Developing global business
Lemnis Lighting was started by Otten and Warner Philips, both greatgrandsons of the founder of Royal Philips Electronics. Lemnis Lighting has been recognised as a market leader in the field of LED lighting since 2006. In addition to the company’s large scale rollout programme of consumer, street and greenhouse lighting in the Netherlands, Lemnis is also active in the areas of development, production and sales, with offices in the Netherlands, San Francisco, Hong Kong, Singapore and Johannesburg.
Technology sharing has been a top priority for him and this is a man who walks his talk: Otten is the architect of the joint-venture with the Chinese Tsinghua Tongfang Group, active in the information and energy industries. The agreement, signed in early June this year, is proof that his partnership model works. He enthusiastically clarifies his strategic thought: “We had been looking for the right partner in China to give us access to the one of the largest and fastest growing markets. Again, the process of sharing our innovative technology, in this case with a large Chinese Company, is the new business paradigm that technologically oriented companies should adopt. For us, this move is an essential building block to further our mission to help cutting energy use in lighting as soon as possible globally.”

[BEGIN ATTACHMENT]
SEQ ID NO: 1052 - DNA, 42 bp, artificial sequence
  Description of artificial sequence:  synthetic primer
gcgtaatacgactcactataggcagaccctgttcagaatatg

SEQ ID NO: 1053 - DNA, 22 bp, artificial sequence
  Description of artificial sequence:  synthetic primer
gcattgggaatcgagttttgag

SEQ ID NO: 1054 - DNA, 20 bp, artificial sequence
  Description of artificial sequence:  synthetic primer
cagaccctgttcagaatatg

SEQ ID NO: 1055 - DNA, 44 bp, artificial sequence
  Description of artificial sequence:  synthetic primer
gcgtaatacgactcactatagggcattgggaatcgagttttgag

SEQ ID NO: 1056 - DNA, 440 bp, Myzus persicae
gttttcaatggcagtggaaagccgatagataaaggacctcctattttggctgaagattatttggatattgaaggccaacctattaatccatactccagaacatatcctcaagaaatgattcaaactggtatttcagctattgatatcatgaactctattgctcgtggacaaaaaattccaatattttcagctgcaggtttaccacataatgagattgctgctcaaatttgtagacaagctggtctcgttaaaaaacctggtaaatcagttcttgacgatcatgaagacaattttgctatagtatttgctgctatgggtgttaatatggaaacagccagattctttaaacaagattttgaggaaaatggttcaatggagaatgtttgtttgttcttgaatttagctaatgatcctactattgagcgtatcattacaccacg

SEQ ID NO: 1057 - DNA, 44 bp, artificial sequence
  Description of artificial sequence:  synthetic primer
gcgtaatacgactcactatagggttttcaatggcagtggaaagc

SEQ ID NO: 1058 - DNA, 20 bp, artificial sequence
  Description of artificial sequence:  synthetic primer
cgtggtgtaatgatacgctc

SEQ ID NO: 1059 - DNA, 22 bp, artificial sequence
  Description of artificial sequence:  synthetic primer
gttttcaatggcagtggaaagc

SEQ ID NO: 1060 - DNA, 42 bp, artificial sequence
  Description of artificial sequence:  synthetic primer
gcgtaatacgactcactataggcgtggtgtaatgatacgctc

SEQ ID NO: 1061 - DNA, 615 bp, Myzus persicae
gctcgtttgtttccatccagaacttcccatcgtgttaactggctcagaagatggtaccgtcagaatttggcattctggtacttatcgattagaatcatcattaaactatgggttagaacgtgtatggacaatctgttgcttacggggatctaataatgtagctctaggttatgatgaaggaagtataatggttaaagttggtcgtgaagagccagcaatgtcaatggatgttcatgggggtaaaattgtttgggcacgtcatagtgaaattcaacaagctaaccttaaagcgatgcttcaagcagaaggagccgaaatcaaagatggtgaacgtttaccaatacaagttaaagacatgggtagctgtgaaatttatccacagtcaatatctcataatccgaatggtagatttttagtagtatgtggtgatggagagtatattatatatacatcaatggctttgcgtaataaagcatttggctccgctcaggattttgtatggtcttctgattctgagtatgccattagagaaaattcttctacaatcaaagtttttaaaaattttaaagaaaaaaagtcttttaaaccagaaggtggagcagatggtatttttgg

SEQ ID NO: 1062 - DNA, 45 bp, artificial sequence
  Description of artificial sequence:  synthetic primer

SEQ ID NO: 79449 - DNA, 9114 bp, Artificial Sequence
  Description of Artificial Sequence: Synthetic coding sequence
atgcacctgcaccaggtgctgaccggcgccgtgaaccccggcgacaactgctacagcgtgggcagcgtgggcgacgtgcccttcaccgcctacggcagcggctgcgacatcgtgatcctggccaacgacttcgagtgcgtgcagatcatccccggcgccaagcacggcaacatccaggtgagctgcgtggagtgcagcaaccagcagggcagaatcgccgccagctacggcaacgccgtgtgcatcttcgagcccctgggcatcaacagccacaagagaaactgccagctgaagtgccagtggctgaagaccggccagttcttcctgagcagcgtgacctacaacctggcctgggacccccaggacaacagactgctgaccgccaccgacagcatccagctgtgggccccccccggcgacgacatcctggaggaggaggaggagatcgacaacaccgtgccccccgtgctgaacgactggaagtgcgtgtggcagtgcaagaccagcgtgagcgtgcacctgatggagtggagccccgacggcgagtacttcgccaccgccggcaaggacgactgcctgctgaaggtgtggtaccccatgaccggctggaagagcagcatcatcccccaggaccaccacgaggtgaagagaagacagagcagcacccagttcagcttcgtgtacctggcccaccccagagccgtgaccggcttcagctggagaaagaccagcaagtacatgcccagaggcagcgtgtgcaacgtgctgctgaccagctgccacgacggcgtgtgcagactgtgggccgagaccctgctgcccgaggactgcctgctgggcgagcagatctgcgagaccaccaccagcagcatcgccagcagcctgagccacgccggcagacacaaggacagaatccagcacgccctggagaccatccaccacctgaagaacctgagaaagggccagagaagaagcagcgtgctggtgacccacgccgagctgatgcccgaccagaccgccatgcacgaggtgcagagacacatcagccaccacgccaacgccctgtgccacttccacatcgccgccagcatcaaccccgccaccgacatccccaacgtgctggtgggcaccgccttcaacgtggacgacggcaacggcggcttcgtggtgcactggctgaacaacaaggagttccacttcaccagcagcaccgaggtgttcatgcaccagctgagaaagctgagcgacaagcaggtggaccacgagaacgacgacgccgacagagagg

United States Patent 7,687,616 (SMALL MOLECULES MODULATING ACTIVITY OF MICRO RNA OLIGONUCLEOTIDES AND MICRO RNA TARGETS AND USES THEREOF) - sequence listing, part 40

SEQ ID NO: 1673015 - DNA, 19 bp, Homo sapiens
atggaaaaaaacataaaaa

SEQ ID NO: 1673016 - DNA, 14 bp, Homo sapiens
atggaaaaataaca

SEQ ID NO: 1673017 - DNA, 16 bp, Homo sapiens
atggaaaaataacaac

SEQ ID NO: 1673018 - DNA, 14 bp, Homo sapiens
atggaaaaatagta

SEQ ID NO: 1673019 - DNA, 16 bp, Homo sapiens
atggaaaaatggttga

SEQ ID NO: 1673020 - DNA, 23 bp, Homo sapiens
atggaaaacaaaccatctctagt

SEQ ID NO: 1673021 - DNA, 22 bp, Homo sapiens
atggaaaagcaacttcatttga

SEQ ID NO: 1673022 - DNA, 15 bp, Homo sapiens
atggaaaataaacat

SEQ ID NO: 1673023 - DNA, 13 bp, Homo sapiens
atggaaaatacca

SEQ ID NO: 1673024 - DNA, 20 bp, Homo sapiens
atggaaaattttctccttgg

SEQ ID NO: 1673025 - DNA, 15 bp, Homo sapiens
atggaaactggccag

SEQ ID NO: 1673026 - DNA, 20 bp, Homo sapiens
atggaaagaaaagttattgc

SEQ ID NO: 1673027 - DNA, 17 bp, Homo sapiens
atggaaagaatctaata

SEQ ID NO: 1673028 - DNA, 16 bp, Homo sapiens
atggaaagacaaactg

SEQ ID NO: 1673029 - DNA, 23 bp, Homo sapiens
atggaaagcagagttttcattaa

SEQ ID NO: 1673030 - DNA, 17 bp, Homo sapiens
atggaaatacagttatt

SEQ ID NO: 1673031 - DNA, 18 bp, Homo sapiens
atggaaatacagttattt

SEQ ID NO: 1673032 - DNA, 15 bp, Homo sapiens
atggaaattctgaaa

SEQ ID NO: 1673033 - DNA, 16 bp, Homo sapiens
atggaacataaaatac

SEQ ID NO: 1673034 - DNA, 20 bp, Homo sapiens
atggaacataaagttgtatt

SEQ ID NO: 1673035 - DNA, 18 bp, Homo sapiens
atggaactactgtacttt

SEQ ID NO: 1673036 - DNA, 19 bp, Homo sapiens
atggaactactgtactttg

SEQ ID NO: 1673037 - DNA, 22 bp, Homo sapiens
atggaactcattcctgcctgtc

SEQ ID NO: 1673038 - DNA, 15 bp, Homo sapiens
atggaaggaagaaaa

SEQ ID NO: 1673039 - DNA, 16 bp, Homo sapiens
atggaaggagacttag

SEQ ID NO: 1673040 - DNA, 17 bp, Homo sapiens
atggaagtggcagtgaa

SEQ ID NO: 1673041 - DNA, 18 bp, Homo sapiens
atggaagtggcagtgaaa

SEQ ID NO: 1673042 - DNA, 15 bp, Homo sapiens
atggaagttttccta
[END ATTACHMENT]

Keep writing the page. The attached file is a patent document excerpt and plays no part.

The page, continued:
Sharing works both ways and Tsinghua Tongfang’s connection with Tsinghua University, will offer new opportunities to expand Lemnis’ R&D and manufacturing capabilities.
Frans Otten admits that his approach is not necessarily an easy one to embrace. It takes a healthy dose of audacity, risk management and tact to let go of proprietary secrets, but the results can be rewarding both for the business as well as for the planet. “Opportunities in emerging markets are abundant but not always accessible” he continues. “I believe that there are times when trying to conquer an unknown territory that it is wise to join a local entity with an already established brand instead of going it alone. By importing innovative technology and combining it with local partners and their distribution and the marketing knowhow we can achieve progress more efficiently and rapidly. Also, by producing locally, we can circumvent procurement regulations that favour national sourcing.”